There are three types of iMCD:
- iMCD associated with TAFRO: TAFRO syndrome sometimes accompanies iMCD. TAFRO gets its name from its associated signs and symptoms, including thrombocytopenia (low platelets), anasarca (swelling from fluid build-up), fever, renal (kidney) dysfunction and organomegaly (enlarged spleen or liver).
- iMCD with idiopathic plasmacytic lymphadenopathy (iMCD-IPL): People with IMCD-IPL may have too many platelets in their blood (thrombocytosis), and their white blood cells may make too many proteins called antibodies.
- iMCD, not otherwise specified (iMCD-NOS): iMCD-NOS has unknown causes and isn’t associated with TAFRO or POEMS.
Pathogenetically, plasma cell Castleman disease correlates with the overproduction of IL-6 and overexpression of IL-6 receptors that lead to the proliferation of B lymphocytes, vasculogenesis, resulting in a series of systemic symptoms such as fever, anemia, hypoproteinemia, and proteinuria. In some cases of mixed CD, IL-6 increase also is found to favor hepcidin production from the liver that can cause iron-deficiency anemia.
Nontypical plasma cell populations with limited light chains in Immunoglobulin G (IgG) and Immunoglobulin A (IgA) can be seen. The genome of the human lymphotropic virus HHV-8 in HHV-8 associated CD encodes a viral analog (vIL)-6 of IL-6 that further stimulates angiogenesis, hematopoietic and lymphocytic activity.
Symptoms of Castleman Disease
Symptoms depends on which type of CD you have.
With UCD, you may not have symptoms. Or you might notice a bulge from the hard growth in the lymph nodes near your neck or under your arms.
When UCD causes growths in the lymph nodes in your chest or belly, you may not feel the swelling. But those enlarged areas might bring on other symptoms. A growth in a lymph node in your chest could lead to:
- Trouble breathing
- Wheezing or coughing
- Feeling of fullness in your chest
If the lymph node growth is in your belly, you may have:
- Trouble eating
- Feeling of fullness in your stomach
If you have MCD, you may have some of the same symptoms as UCD. You might also notice things like:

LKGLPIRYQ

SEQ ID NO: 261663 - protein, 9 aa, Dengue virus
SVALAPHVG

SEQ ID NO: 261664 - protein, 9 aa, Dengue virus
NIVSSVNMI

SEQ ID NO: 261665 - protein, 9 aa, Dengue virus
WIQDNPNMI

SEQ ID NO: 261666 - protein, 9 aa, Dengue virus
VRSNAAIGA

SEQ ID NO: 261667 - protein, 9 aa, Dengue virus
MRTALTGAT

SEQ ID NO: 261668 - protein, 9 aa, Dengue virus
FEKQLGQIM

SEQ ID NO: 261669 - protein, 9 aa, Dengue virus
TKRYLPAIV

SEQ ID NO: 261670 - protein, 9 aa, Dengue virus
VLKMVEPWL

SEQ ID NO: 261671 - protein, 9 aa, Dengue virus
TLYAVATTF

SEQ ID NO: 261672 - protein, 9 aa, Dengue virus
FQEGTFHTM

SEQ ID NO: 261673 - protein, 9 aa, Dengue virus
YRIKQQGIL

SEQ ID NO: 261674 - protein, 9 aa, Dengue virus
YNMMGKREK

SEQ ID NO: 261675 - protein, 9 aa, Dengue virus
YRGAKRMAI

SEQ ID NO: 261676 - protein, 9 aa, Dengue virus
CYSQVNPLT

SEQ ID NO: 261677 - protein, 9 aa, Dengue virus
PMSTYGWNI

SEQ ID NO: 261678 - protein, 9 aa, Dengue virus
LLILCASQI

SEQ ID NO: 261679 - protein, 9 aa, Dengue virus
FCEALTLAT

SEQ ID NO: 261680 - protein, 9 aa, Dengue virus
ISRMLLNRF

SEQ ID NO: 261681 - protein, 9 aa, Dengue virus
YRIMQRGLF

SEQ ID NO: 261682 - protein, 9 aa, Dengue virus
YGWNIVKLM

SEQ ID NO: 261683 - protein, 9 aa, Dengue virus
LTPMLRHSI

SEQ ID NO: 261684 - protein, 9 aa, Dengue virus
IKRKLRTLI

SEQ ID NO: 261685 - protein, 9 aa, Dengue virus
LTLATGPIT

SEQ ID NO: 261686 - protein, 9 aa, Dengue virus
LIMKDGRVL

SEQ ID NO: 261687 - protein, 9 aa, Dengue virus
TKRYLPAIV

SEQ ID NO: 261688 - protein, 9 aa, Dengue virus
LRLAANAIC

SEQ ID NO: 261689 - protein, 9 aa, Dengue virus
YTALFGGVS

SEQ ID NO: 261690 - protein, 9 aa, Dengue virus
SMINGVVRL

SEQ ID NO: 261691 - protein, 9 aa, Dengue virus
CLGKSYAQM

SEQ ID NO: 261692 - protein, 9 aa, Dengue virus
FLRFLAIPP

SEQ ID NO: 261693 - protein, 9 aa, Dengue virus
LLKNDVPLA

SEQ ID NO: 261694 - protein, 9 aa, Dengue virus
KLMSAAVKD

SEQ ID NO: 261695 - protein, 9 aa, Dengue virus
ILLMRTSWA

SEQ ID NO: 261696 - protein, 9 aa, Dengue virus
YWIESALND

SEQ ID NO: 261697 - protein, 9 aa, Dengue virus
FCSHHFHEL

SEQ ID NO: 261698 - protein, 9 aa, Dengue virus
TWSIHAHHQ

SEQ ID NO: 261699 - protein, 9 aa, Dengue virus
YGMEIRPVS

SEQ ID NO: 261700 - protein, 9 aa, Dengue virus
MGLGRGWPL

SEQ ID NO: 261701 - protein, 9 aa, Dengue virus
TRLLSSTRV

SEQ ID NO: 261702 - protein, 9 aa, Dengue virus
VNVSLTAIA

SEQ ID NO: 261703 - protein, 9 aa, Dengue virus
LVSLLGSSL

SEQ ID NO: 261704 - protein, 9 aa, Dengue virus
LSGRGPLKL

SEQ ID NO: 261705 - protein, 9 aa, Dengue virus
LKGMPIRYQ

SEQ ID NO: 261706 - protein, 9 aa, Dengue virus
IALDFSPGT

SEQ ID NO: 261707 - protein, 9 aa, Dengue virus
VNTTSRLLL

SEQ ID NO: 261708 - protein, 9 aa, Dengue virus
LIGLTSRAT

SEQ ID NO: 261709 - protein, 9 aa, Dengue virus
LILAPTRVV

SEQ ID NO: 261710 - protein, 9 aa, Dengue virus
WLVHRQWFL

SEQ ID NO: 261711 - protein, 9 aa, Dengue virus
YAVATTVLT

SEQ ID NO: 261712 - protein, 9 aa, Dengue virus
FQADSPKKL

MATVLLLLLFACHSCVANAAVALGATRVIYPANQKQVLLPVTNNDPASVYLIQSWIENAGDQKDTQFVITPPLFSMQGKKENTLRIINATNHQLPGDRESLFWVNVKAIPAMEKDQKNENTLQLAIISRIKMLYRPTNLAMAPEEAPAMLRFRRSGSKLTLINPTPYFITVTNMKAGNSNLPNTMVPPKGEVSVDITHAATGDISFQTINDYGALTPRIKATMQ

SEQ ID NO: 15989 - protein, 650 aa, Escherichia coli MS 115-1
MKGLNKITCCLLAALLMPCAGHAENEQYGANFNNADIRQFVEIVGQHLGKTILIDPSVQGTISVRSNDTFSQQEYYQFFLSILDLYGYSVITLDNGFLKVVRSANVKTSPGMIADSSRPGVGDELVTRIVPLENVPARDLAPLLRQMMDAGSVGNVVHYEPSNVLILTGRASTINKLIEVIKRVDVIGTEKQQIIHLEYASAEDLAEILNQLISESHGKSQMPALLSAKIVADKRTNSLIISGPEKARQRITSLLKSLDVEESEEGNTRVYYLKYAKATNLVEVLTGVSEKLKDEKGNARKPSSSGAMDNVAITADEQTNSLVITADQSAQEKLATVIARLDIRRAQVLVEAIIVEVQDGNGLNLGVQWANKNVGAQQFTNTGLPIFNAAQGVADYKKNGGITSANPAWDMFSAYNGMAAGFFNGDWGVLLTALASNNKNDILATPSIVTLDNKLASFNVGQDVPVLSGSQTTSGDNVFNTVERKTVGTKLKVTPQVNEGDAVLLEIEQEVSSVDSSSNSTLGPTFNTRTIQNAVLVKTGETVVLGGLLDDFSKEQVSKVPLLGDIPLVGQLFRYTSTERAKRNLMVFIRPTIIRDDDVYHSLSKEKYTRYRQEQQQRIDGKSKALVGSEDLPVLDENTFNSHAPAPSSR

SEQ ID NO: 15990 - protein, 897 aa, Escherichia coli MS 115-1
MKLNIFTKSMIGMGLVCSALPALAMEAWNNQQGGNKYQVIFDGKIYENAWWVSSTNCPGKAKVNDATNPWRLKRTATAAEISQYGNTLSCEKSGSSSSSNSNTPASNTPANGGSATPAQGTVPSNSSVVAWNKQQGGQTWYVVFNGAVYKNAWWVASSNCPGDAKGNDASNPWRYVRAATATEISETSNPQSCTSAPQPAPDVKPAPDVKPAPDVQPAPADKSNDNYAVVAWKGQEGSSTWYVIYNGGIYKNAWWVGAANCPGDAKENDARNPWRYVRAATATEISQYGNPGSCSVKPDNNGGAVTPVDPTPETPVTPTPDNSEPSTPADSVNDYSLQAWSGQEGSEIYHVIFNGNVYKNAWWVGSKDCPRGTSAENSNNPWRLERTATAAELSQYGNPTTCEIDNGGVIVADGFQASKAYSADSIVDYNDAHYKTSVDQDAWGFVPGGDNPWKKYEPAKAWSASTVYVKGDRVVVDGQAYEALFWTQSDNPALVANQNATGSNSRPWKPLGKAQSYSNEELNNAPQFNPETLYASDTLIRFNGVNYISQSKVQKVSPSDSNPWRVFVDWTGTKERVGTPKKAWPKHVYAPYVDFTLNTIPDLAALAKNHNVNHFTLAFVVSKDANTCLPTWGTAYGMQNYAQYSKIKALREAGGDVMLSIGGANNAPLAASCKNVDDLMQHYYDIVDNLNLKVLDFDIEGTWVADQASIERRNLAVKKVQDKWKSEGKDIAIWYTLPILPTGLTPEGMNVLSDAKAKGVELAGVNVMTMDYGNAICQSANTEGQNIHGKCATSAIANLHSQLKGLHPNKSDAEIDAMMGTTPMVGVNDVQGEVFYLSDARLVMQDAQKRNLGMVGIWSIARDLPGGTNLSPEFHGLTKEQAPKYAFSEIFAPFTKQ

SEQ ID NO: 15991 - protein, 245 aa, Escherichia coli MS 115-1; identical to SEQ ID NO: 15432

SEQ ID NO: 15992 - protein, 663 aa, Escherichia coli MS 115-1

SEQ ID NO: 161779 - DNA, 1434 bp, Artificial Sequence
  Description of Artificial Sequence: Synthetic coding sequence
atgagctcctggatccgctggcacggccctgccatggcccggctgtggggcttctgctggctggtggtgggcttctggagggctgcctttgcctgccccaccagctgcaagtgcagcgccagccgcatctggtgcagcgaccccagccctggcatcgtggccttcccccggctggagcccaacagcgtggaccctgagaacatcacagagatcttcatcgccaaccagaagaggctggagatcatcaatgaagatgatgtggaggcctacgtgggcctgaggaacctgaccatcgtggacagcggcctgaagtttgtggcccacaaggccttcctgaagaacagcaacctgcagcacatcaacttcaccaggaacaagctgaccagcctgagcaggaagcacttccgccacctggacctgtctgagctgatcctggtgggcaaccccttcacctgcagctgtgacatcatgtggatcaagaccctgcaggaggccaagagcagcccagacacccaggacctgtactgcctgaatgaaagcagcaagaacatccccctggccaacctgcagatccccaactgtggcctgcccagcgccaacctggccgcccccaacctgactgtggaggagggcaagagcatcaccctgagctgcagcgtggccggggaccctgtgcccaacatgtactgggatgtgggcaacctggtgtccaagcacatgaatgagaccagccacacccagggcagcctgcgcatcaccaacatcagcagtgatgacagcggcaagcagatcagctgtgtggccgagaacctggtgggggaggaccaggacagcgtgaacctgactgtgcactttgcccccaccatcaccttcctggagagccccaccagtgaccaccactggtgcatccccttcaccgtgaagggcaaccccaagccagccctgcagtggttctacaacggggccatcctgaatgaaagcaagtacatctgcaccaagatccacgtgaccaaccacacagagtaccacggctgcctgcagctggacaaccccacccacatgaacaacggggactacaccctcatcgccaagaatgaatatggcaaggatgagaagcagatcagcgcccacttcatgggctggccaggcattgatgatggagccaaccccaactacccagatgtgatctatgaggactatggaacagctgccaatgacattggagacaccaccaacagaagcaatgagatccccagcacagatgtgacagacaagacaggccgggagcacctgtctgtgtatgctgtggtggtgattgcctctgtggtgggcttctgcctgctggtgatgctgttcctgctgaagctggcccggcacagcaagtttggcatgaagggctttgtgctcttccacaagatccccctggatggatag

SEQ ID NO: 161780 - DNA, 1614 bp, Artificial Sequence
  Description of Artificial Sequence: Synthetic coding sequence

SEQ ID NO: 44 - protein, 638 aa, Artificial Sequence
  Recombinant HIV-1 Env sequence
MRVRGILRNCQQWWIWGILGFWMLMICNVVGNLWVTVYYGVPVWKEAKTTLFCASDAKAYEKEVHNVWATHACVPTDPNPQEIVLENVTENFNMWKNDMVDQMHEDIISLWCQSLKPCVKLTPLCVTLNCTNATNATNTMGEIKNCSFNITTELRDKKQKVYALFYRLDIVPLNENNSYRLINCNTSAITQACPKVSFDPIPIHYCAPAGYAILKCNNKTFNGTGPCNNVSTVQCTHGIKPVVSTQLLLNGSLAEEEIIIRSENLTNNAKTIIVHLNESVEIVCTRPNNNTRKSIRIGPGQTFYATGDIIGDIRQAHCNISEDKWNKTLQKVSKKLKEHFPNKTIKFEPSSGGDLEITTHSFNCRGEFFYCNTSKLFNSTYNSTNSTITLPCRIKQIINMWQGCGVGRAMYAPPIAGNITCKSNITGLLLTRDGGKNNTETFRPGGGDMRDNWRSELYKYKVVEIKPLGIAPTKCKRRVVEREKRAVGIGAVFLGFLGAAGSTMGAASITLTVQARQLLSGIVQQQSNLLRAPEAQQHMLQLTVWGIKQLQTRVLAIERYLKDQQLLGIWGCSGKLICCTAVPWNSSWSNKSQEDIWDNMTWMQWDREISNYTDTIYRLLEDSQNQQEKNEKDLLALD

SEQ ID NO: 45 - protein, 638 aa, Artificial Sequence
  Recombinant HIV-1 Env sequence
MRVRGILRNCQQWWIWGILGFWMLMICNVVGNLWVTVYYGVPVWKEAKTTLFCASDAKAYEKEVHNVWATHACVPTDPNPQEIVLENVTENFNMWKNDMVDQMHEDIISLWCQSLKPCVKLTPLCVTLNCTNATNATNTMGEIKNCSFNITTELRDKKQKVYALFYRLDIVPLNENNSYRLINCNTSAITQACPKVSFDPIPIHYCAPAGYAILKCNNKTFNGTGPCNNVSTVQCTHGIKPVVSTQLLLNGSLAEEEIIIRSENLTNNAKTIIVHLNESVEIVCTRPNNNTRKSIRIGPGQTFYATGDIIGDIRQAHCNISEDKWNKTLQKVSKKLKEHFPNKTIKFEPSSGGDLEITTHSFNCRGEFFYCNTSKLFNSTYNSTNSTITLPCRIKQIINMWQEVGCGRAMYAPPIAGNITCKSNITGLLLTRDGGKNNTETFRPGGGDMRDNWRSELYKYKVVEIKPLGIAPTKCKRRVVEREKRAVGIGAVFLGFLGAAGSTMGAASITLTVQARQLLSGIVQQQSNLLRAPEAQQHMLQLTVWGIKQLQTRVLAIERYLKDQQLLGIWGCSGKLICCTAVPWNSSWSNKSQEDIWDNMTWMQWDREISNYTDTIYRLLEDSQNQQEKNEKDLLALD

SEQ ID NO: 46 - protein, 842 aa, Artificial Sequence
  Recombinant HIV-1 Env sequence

- Loss of appetite
- Sweating, especially during the night
- Weak or numb hands or feet
- Weight loss
MCD can also cause swelling or damage to things like your liver, kidneys, bone marrow, or spleen. You might have low levels of red blood cells (hemolytic anemia) or large amounts of things called immunoglobulins in your blood (your doctor might call this hypergammaglobulinemia). You may be more likely to get serious infections because your body can’t fight them.
Causes of Castleman Disease
CD is a rare and complex condition with various subtypes, and the causes are not fully understood for all of them. The specific causes of each subtype of Castleman disease are as follows:
Unicentric Castleman Disease (UCD)
The cause of UCD is not well-defined, but it is thought to be related to an abnormal or exaggerated immune system response. The overgrowth of lymphoid tissue in a single region of the body characterizes UCD.
Multicentric Castleman Disease (MCD)
The causes of MCD can be different depending on the subtype:
- Idiopathic Multicentric Castleman Disease (iMCD) – The exact cause is unknown. It is believed to be related to dysregulation of the immune system, possibly triggered by an unknown viral infection or inflammatory process.
- Human Herpesvirus 8 (HHV-8) – Associated Multicentric Castleman Disease (HHV-8 MCD): HHV-8, also known as Kaposi’s sarcoma-associated herpesvirus (KSHV), is strongly linked to this subtype of MCD. Individuals with weakened immune systems, such as those with HIV infection or organ transplant recipients, are at a higher risk of developing HHV-8 MCD.